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article imageReview: How iOS 7 addresses bring-your-own-device security concerns

By Jenna Cyprus     Oct 11, 2013 in Technology
Companies that rely on employees to use their own smartphones and tablets at work have encountered many IT challenges. How can your organization maintain security standards if employees are mixing their professional and personal lives on their devices?
These situations can create the perfect storm of human error, data vulnerabilities, unauthorized access, and software attacks. Fortunately, iOS 7 has introduced some compelling security features, such as Per-app VPN, new MDM configurations, and "open-in" management.
Your IT department can leverage these tools to increase BYOD security at your organization.
Per-app VPN
IT departments wring their hands over the thought of employees sending inappropriate information across secure company networks. Just imagine: Someone is taking a lunch break, and he or she is browsing the web, making purchases, and streaming music over your company's network.
Even worse, what if your company apps are being launched on unsecured networks, such as a public Wi-Fi access point in a coffee shop or library? This unregulated traffic can lead to major problems, especially if an employee's device gets lost or hacked.
Today app developers can control whether or not their apps must use VPN. Your in-house developers can restrict all traffic to VPN, so these apps will always connect to your secure network.
If you're searching for third-party software in the App Store, be sure to keep an eye out for "per-app VPN" listed as a feature before you install something new.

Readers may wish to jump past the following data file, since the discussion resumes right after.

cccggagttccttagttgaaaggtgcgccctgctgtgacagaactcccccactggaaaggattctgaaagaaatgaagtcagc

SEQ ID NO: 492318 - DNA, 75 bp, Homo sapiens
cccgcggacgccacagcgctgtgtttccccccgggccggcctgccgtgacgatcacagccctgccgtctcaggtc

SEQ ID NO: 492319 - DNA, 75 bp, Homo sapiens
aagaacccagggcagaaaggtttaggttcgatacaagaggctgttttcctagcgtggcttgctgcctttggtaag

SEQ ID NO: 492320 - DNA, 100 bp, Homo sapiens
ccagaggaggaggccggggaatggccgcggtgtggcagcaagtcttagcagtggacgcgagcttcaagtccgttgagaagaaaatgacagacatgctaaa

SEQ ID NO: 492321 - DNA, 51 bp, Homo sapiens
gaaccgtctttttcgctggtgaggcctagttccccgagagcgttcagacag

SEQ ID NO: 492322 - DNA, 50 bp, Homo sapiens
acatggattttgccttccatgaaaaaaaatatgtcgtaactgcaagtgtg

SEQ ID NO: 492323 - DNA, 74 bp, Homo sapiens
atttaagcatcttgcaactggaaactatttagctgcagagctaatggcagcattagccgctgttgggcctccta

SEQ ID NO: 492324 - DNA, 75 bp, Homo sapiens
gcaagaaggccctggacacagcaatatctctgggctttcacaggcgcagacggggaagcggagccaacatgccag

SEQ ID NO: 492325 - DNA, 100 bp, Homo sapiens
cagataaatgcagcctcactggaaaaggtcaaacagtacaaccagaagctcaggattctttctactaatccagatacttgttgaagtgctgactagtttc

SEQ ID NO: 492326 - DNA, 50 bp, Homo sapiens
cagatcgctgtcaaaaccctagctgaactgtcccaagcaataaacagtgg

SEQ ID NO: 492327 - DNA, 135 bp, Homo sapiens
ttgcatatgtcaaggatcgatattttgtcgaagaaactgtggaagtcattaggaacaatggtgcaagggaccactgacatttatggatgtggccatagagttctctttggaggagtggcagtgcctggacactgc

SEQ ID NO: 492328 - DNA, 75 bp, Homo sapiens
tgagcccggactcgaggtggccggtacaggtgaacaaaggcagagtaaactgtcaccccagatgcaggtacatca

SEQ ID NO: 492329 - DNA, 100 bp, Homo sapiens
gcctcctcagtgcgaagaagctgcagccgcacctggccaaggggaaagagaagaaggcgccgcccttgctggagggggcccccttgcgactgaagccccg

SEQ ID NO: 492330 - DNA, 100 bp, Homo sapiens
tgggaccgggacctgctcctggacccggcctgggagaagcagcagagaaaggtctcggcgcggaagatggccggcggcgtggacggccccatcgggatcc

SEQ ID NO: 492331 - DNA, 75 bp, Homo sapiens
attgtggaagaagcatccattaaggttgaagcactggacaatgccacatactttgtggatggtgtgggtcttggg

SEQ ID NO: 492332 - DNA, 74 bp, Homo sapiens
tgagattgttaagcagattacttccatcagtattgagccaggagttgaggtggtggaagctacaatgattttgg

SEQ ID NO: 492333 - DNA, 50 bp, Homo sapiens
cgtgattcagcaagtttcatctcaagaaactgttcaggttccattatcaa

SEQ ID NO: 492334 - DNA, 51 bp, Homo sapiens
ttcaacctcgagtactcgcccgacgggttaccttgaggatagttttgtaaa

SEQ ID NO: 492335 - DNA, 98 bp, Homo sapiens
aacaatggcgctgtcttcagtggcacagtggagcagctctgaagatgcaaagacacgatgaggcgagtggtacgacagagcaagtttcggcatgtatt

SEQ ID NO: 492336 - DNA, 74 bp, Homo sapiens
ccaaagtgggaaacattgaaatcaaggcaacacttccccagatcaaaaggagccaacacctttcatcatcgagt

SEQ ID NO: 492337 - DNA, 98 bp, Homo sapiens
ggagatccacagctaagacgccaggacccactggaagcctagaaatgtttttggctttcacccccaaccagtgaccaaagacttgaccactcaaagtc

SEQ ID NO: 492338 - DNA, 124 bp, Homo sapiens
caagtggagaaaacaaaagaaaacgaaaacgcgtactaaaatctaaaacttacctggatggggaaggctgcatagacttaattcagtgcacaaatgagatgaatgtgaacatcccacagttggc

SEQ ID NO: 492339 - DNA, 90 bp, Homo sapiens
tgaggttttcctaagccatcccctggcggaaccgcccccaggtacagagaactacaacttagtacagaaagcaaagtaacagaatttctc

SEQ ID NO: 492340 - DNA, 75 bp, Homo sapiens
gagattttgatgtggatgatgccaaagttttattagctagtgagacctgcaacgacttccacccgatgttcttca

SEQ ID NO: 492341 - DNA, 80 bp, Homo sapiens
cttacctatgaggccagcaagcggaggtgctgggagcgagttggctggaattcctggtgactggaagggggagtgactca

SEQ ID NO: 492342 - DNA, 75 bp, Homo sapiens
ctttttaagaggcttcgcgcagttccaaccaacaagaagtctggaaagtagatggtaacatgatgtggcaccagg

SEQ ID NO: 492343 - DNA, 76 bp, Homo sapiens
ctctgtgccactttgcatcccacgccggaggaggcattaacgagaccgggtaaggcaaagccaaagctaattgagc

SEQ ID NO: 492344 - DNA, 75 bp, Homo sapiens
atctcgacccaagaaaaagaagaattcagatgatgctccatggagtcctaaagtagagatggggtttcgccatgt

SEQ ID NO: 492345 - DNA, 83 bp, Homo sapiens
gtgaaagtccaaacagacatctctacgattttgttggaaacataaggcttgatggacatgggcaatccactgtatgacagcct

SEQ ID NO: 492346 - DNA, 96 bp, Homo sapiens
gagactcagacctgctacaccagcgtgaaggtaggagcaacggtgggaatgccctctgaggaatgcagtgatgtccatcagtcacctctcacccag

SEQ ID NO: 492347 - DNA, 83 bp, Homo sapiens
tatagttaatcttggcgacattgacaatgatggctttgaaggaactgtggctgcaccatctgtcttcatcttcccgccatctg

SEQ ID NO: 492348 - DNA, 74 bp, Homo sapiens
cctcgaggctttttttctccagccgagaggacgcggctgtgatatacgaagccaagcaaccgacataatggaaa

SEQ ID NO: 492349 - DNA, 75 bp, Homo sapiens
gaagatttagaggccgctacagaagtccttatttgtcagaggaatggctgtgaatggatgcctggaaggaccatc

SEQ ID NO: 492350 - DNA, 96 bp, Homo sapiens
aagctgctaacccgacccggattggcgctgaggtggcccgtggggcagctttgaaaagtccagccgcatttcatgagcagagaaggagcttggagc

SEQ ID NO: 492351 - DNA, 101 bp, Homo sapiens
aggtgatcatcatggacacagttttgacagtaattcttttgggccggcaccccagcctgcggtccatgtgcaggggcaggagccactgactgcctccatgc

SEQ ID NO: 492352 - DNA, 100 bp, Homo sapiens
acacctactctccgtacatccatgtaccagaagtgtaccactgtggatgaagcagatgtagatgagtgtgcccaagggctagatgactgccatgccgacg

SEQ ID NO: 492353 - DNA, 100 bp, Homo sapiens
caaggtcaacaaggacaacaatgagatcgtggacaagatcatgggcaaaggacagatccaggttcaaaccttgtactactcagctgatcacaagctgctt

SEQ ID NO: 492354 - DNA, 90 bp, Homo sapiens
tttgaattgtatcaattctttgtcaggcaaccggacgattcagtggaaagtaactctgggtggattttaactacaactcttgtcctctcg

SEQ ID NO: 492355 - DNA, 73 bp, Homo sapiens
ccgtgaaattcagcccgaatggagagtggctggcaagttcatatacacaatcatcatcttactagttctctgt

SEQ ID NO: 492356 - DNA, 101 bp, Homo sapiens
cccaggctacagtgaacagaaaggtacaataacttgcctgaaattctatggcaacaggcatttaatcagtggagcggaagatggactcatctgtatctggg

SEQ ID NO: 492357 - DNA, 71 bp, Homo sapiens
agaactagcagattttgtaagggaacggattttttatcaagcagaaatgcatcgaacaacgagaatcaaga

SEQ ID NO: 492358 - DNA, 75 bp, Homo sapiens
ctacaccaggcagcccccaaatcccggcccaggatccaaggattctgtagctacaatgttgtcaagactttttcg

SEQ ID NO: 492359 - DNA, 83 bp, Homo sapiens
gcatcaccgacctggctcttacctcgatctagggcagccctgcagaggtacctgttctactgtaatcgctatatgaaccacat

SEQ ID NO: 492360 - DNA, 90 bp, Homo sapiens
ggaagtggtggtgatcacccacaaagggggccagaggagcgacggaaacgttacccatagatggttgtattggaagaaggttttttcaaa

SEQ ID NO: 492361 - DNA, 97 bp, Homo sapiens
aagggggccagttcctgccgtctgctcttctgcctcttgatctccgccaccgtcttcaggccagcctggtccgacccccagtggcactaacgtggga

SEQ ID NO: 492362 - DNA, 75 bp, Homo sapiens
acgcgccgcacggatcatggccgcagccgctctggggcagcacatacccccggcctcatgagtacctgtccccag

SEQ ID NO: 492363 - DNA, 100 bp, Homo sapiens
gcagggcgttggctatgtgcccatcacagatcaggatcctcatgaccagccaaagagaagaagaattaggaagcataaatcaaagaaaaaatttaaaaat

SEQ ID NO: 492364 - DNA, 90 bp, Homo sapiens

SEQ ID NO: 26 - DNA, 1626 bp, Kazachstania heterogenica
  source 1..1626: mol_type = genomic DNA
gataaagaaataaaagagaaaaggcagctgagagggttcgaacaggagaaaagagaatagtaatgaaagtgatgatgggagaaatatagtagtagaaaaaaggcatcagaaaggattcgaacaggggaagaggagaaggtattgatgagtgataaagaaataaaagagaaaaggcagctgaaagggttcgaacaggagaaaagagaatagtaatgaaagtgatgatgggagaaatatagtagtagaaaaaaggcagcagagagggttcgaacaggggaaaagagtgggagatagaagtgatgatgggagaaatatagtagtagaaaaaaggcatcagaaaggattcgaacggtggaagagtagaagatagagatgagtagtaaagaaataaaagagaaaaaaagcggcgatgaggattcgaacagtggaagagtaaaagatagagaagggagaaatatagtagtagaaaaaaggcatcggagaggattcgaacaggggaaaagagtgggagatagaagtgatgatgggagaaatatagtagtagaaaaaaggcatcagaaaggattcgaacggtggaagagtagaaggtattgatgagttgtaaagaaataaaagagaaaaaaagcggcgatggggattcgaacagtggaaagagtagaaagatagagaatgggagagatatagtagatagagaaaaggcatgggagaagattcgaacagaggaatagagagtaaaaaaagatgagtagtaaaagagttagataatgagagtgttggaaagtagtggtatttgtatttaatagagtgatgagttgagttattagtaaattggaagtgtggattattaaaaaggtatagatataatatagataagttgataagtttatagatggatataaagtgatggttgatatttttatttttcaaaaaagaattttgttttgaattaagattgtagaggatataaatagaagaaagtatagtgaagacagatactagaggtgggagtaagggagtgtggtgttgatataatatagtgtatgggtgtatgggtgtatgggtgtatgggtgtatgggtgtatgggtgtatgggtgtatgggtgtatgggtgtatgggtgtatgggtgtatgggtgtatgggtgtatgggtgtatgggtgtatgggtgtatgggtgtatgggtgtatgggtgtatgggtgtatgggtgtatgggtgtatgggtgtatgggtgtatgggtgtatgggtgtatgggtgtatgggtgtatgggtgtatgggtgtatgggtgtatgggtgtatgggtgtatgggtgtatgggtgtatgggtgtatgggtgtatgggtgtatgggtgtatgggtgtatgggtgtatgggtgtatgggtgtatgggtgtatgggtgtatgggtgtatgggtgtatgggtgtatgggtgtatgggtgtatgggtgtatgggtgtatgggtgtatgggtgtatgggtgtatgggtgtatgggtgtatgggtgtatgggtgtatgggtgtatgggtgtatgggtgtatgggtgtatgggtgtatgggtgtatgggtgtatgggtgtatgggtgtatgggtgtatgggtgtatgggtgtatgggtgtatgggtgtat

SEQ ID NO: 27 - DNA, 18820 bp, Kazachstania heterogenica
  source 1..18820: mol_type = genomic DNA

"Open-in" app management
When people open files on their iPhones and iPads, they are presented with a list of apps to open these documents in. But what if an image, PDF, or document file is corrupt, infected, or not work related? IT departments can now corral specific file types between authorized company apps.
This means you have fine-tuned control over which apps can share data and what they can connect to. For example, you might have three important company apps, but you want only two of them to exchange information with each other. These configurations are now possible with "open-in" management.
MDM options
iOS 7 comes with a slew of new MDM features that allow IT departments to improve security on remote BYOD technology. You now have greater control over AirPlay, so employees can't randomly send videos, music, and photos to stream on unauthorized devices.
Instead, you can create an AirPlay whitelist to control where streaming media is sent. The iPhone Configuration Utility can load managed app settings wirelessly, which is a big shift from the corded installs of iOS 6.
This means your devices no longer have to be centralized to one location to receive managed app updates. This untethered approach caters to real-life BYOD scenarios, since your company employees may be scattered across different cities and countries.
The new MDM features also give you greater opportunities for branding devices. You have the ability to install custom fonts and give employees easier access to branded text styles. When they send correspondence and create work-related documents on their iPhones and iPads, they'll be able to stylize documents in a way that best suits your organization's image. You no longer have to use the default Apple fonts while creating content.
Accessibility options can also be configured across mobile device management software. This ensures that visual, hearing, and motion settings are standardized across all of your employee devices.
These features aren't only useful for those with disabilities; the accessibility features allow you to configure UI processes. For example, you can set employee iPhones to flash the LED whenever they receive calls or alerts.
iOS 7 truly brings new security customizations to the table; it allows companies to keep work and life separate on their employees' devices.
MDM features let you roll these updates out to employees wirelessly, so they don't have to go through the inconvenience of visiting an IT specialist. These new changes will help protect organizations against unauthorized data access, security leaks, and accidents.
More about iOS 7, BYOD, bring your own device, ios 7 security, Apple
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